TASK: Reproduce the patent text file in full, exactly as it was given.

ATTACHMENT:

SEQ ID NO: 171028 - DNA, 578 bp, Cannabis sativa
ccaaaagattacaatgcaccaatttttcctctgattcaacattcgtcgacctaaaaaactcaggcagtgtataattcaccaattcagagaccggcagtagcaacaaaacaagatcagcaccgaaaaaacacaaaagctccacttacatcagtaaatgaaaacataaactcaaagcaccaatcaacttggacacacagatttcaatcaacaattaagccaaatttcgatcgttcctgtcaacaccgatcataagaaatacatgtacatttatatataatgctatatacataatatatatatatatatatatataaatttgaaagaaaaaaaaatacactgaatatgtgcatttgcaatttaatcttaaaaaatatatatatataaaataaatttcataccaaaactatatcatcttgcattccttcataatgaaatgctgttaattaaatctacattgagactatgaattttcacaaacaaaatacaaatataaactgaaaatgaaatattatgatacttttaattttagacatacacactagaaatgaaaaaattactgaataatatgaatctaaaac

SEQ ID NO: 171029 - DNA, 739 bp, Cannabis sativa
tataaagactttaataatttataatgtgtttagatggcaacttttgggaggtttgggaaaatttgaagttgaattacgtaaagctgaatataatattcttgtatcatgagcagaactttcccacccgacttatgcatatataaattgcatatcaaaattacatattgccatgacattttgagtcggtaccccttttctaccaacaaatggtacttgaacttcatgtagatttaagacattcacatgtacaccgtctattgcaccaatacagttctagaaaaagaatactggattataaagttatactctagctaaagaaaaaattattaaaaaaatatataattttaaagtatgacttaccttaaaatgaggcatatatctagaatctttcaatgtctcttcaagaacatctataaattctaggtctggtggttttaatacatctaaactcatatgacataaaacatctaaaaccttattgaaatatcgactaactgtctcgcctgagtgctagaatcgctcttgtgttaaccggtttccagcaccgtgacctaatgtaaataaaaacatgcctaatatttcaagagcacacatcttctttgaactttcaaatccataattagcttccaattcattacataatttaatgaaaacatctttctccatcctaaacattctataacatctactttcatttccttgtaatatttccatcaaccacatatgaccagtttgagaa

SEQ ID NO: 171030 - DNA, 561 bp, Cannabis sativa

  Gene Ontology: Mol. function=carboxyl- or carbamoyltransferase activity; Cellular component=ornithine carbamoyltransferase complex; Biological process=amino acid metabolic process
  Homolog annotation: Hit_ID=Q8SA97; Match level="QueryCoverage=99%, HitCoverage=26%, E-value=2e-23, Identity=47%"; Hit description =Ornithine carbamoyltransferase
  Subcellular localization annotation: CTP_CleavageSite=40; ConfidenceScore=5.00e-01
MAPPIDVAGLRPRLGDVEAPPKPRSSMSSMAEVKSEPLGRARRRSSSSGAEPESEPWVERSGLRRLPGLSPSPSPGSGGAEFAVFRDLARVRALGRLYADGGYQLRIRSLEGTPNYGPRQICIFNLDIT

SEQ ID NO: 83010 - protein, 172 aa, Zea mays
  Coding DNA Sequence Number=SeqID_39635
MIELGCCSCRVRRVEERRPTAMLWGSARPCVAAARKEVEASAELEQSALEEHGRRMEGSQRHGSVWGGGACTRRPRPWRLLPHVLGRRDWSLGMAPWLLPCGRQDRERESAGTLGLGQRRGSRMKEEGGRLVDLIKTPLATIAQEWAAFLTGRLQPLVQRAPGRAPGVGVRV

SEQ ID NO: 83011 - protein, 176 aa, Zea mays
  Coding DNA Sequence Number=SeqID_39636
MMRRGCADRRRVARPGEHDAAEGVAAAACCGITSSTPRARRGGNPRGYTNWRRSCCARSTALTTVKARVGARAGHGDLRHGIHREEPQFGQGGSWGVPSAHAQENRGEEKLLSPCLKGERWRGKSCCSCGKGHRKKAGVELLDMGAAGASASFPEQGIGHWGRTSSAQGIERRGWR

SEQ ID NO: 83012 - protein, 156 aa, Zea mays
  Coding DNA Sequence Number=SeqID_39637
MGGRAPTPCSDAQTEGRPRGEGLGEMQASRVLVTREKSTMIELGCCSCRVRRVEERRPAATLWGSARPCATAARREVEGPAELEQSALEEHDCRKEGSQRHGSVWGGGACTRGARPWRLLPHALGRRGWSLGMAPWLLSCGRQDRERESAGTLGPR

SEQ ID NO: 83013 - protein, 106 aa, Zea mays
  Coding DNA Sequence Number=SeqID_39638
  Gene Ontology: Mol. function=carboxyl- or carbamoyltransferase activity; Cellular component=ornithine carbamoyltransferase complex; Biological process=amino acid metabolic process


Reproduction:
SEQ ID NO: 171028 - DNA, 578 bp, Cannabis sativa
ccaaaagattacaatgcaccaatttttcctctgattcaacattcgtcgacctaaaaaactcaggcagtgtataattcaccaattcagagaccggcagtagcaacaaaacaagatcagcaccgaaaaaacacaaaagctccacttacatcagtaaatgaaaacataaactcaaagcaccaatcaacttggacacacagatttcaatcaacaattaagccaaatttcgatcgttcctgtcaacaccgatcataagaaatacatgtacatttatatataatgctatatacataatatatatatatatatatatataaatttgaaagaaaaaaaaatacactgaatatgtgcatttgcaatttaatcttaaaaaatatatatatataaaataaatttcataccaaaactatatcatcttgcattccttcataatgaaatgctgttaattaaatctacattgagactatgaattttcacaaacaaaatacaaatataaactgaaaatgaaatattatgatacttttaattttagacatacacactagaaatgaaaaaattactgaataatatgaatctaaaac

SEQ ID NO: 171029 - DNA, 739 bp, Cannabis sativa
tataaagactttaataatttataatgtgtttagatggcaacttttgggaggtttgggaaaatttgaagttgaattacgtaaagctgaatataatattcttgtatcatgagcagaactttcccacccgacttatgcatatataaattgcatatcaaaattacatattgccatgacattttgagtcggtaccccttttctaccaacaaatggtacttgaacttcatgtagatttaagacattcacatgtacaccgtctattgcaccaatacagttctagaaaaagaatactggattataaagttatactctagctaaagaaaaaattattaaaaaaatatataattttaaagtatgacttaccttaaaatgaggcatatatctagaatctttcaatgtctcttcaagaacatctataaattctaggtctggtggttttaatacatctaaactcatatgacataaaacatctaaaaccttattgaaatatcgactaactgtctcgcctgagtgctagaatcgctcttgtgttaaccggtttccagcaccgtgacctaatgtaaataaaaacatgcctaatatttcaagagcacacatcttctttgaactttcaaatccataattagcttccaattcattacataatttaatgaaaacatctttctccatcctaaacattctataacatctactttcatttccttgtaatatttccatcaaccacatatgaccagtttgagaa

SEQ ID NO: 171030 - DNA, 561 bp, Cannabis sativa

  Gene Ontology: Mol. function=carboxyl- or carbamoyltransferase activity; Cellular component=ornithine carbamoyltransferase complex; Biological process=amino acid metabolic process
  Homolog annotation: Hit_ID=Q8SA97; Match level="QueryCoverage=99%, HitCoverage=26%, E-value=2e-23, Identity=47%"; Hit description =Ornithine carbamoyltransferase
  Subcellular localization annotation: CTP_CleavageSite=40; ConfidenceScore=5.00e-01
MAPPIDVAGLRPRLGDVEAPPKPRSSMSSMAEVKSEPLGRARRRSSSSGAEPESEPWVERSGLRRLPGLSPSPSPGSGGAEFAVFRDLARVRALGRLYADGGYQLRIRSLEGTPNYGPRQICIFNLDIT

SEQ ID NO: 83010 - protein, 172 aa, Zea mays
  Coding DNA Sequence Number=SeqID_39635
MIELGCCSCRVRRVEERRPTAMLWGSARPCVAAARKEVEASAELEQSALEEHGRRMEGSQRHGSVWGGGACTRRPRPWRLLPHVLGRRDWSLGMAPWLLPCGRQDRERESAGTLGLGQRRGSRMKEEGGRLVDLIKTPLATIAQEWAAFLTGRLQPLVQRAPGRAPGVGVRV

SEQ ID NO: 83011 - protein, 176 aa, Zea mays
  Coding DNA Sequence Number=SeqID_39636
MMRRGCADRRRVARPGEHDAAEGVAAAACCGITSSTPRARRGGNPRGYTNWRRSCCARSTALTTVKARVGARAGHGDLRHGIHREEPQFGQGGSWGVPSAHAQENRGEEKLLSPCLKGERWRGKSCCSCGKGHRKKAGVELLDMGAAGASASFPEQGIGHWGRTSSAQGIERRGWR

SEQ ID NO: 83012 - protein, 156 aa, Zea mays
  Coding DNA Sequence Number=SeqID_39637
MGGRAPTPCSDAQTEGRPRGEGLGEMQASRVLVTREKSTMIELGCCSCRVRRVEERRPAATLWGSARPCATAARREVEGPAELEQSALEEHDCRKEGSQRHGSVWGGGACTRGARPWRLLPHALGRRGWSLGMAPWLLSCGRQDRERESAGTLGPR

SEQ ID NO: 83013 - protein, 106 aa, Zea mays
  Coding DNA Sequence Number=SeqID_39638
  Gene Ontology: Mol. function=carboxyl- or carbamoyltransferase activity; Cellular component=ornithine carbamoyltransferase complex; Biological process=amino acid metabolic process